Why do we have our Stigma about Mental Health?

Updated: 7 days ago

Have you felt you couldn’t share your overwhelming feelings or thoughts with other people, worried you will be judged? Do the words mental disorder conjure up images of people shouting out random things on buses? Are you tempted to wish that your loved one with depression just cheered up already?


Every single one of us is affected by society’s mental health stigma.

Mental health stigma affects us all in different ways.


Mental health stigma is a sense of negative, discriminating beliefs associated with mental health issues and the people dealing with these. While most of us are likely to have moved on from believing mental illness is caused by demons, the concept of mental health still makes many people feel uneasy or anxious.



Interestingly, studies have found that often individuals with mental disorders report experiencing the majority of stigma from people in their close interpersonal network, including family members and peers; rather than from strangers or acquaintances. This could come in form of direct discrimination, change or loss of friendships and family relationships, or a sense of mistrust, avoidance, unwarranted assumptions and condescending remarks. Such stigma not only prevents people from seeking help when they need it, but also holds us back from progress in society as a whole. Let’s start by looking at what drives this stigma.


The essence of mental health stigma is fear.

This fear comes in various forms. Here are just a few examples:


Lack of knowledge. We may not know much about mental disorders, other than what we have seen in movies or heard whispered nervously in social situations about “the crazy lady who lives down the road”. As a result, we may believe that people dealing with mental disorders are unpredictable, awkward, embarrassing or perhaps even dangerous. If we do not know how to engage with someone dealing with mental health issues, or even know what symptoms to expect, we tend to turn away in fear and avoidance. This ostracizes people and inevitably increases mental health stigma.


Worry it may happen to us. We may prefer to think of people with mental disorders as mentally weak. That if they had more strength, they could just think positive, pull themselves together, and get on with life (“just like everybody else”). By maintaining that people with mental health issues simply need to be stronger, we can feel in control and breathe more easily: We are unlikely to “catch it” as long as we stay on top of things. Unfortunately, often the methods used to stay on top of things involve suppressing negative feelings, ignoring stressful thoughts, and engaging in damaging behaviours to take the edge off; all of which make it more likely to develop mental health issues.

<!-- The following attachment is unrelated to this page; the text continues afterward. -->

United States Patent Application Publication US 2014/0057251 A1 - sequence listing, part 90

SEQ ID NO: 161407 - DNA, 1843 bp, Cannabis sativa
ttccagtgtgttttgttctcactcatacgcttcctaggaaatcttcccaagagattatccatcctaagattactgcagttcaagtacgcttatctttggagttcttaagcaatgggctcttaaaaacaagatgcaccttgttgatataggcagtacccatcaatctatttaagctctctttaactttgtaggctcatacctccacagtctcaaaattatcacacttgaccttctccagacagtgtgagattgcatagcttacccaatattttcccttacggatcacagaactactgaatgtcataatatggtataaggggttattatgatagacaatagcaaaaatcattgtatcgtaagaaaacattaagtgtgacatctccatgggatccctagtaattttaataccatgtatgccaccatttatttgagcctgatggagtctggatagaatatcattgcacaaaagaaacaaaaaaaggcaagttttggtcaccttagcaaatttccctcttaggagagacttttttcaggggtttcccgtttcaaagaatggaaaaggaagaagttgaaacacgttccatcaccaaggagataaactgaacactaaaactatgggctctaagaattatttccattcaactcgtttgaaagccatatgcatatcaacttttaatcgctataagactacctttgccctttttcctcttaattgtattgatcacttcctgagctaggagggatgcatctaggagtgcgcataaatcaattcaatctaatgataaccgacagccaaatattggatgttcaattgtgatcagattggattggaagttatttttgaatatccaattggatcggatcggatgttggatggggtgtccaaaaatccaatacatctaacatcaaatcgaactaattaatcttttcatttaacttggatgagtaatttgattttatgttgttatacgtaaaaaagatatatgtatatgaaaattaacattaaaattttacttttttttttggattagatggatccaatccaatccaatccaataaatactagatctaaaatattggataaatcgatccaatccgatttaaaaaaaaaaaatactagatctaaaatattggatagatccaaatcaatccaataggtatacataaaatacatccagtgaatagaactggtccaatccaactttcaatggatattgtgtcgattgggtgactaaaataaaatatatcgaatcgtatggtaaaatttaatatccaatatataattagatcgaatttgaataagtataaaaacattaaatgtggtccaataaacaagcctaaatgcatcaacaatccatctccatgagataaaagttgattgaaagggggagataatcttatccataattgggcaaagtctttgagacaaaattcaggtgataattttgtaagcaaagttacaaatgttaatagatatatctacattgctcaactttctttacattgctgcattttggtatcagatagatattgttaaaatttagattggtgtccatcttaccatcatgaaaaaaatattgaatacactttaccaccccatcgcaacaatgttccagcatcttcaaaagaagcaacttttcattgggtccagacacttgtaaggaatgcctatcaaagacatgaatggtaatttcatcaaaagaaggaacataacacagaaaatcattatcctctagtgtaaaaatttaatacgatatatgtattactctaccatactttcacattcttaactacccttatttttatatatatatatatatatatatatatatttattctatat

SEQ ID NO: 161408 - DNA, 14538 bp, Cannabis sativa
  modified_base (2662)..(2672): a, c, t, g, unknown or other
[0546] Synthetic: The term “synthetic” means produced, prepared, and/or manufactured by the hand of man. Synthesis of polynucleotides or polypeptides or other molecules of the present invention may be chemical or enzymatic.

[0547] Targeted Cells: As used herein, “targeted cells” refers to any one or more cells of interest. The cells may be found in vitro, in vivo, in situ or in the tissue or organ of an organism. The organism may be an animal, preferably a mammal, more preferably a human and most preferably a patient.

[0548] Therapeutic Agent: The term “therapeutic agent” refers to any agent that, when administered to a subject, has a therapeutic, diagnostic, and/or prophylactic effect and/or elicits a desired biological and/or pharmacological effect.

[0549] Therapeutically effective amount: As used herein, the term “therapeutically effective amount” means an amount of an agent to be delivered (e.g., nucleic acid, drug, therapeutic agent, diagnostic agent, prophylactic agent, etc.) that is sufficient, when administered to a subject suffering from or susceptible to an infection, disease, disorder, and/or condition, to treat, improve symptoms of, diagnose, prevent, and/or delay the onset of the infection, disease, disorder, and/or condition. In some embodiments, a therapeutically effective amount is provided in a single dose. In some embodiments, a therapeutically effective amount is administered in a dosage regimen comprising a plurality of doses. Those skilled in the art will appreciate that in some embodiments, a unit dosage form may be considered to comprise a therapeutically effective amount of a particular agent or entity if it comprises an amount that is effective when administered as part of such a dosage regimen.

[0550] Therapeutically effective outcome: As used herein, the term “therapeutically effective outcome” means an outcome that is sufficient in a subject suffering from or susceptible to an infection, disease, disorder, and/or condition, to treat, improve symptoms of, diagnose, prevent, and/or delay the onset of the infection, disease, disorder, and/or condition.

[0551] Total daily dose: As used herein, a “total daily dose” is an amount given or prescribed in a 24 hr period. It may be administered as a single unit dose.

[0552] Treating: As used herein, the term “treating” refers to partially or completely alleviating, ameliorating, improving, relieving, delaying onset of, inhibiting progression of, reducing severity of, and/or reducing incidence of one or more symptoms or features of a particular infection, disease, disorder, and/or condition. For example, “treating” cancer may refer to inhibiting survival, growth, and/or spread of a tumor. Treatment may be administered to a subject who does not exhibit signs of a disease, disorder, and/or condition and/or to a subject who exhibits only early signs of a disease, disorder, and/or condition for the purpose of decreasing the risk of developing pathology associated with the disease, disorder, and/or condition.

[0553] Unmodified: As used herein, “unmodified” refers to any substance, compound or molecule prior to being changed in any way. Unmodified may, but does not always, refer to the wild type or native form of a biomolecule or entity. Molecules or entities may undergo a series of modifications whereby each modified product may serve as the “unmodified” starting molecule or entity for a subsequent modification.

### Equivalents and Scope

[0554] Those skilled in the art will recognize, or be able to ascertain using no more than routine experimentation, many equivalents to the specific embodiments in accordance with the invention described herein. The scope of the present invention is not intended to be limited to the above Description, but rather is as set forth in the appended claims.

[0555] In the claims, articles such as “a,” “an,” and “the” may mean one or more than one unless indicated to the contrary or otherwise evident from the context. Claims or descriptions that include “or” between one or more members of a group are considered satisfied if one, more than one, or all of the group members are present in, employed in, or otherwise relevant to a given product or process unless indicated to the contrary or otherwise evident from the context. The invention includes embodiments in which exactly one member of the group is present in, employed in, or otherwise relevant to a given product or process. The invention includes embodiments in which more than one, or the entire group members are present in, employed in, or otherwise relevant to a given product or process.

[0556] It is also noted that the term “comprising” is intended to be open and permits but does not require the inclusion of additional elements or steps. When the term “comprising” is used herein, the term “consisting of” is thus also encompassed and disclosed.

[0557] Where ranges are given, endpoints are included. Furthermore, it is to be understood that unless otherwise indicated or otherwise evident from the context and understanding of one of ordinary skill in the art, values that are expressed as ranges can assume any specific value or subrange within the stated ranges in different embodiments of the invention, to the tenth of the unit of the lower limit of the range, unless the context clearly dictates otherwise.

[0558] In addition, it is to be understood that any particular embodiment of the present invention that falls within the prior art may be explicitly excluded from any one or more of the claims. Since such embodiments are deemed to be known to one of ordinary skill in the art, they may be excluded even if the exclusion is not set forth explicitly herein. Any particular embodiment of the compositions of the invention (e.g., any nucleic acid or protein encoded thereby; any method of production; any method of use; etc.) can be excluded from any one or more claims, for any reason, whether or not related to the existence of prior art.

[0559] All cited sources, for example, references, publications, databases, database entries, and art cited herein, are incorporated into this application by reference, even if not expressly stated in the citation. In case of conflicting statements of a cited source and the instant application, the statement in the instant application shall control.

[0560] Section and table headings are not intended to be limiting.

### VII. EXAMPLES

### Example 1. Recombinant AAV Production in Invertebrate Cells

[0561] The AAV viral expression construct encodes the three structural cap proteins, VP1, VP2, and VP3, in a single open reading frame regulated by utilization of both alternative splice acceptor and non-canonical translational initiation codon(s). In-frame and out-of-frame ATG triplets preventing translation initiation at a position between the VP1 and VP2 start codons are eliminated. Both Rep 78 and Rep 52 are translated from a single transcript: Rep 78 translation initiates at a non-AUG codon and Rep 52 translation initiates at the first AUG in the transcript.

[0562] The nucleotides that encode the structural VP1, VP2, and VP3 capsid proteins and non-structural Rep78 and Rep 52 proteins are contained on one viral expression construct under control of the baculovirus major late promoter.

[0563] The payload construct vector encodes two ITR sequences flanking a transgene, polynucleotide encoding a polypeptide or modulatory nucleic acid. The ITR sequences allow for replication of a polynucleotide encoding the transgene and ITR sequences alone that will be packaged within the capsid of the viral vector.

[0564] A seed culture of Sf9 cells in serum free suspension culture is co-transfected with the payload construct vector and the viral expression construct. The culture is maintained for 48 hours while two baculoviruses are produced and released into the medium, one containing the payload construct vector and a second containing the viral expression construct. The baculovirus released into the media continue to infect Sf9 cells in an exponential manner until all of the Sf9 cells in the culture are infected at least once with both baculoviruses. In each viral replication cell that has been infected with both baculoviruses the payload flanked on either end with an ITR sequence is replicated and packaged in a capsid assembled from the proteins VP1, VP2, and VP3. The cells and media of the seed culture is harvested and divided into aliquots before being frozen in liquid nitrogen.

Misfiring brain chemistry. The biological disease model of mental health has greatly helped our scientific understanding of mental disorders by identifying physiological contributors. Putting things into a medical context permits improved treatment and can reduce mental health stigma by treating it like any other physical ailment. However, we should not over-rely solely on the disease model as environments and trauma play a significant role in mental disorders. Treating individuals with mental disorders as purely having issues with their brain chemistry can be quite dismissive of their lived experience; this can contribute to mental health stigma, especially for those who prefer not to be medicated.



Being exhausted. If you have a loved one who deals with a mental disorder, you may find yourself exhausted trying to help. Sometimes it can feel like pushing a heavy boulder up a hill only to find that one slip up causes the whole thing to tumble back down. There’s fear that things will never change, and often a sense of desperation: How much more can I take? It is important to acknowledge the strain of being supportive or in severe phases being a carer to someone with mental health issues. It’s okay to feel fatigued, lost, despaired and angry. We are all human and it hurts to see someone close to us struggle. Part of mental health awareness is to accept and understand these mixed feelings and address our own mental health needs when they arise; by ignoring our own mental health, for example in an attempt to “stay strong”, we inadvertently contribute to mental health stigma.


Mental health stigma increases mental health issues. Being discriminated for struggling with thoughts, feelings, and behaviours commonly leads to social isolation, low self-esteem and greater despair and helplessness. People stop seeking help when they need it most. Operating in a society where mental health stigma is prevalent is not conducive to anyone maintaining and supporting their mental well-being; whether you are dealing with mental health issues or not.


Every single one of us is affected by mental health stigma. Every single one of us is responsible for understanding why we have this mental health stigma.


Understanding is the first step for creating change. Are you ready to make that step?


Stay tuned for my next article that looks at how to change our mental health stigma. In the meantime, if you or someone you care about needs support through their struggle with mental health issues or stigma, get in touch on (852) 2715 4577 or e.terrighena@mind-balance.org.

Dr Esslin Terrighena - Psychologist in Hong Kong

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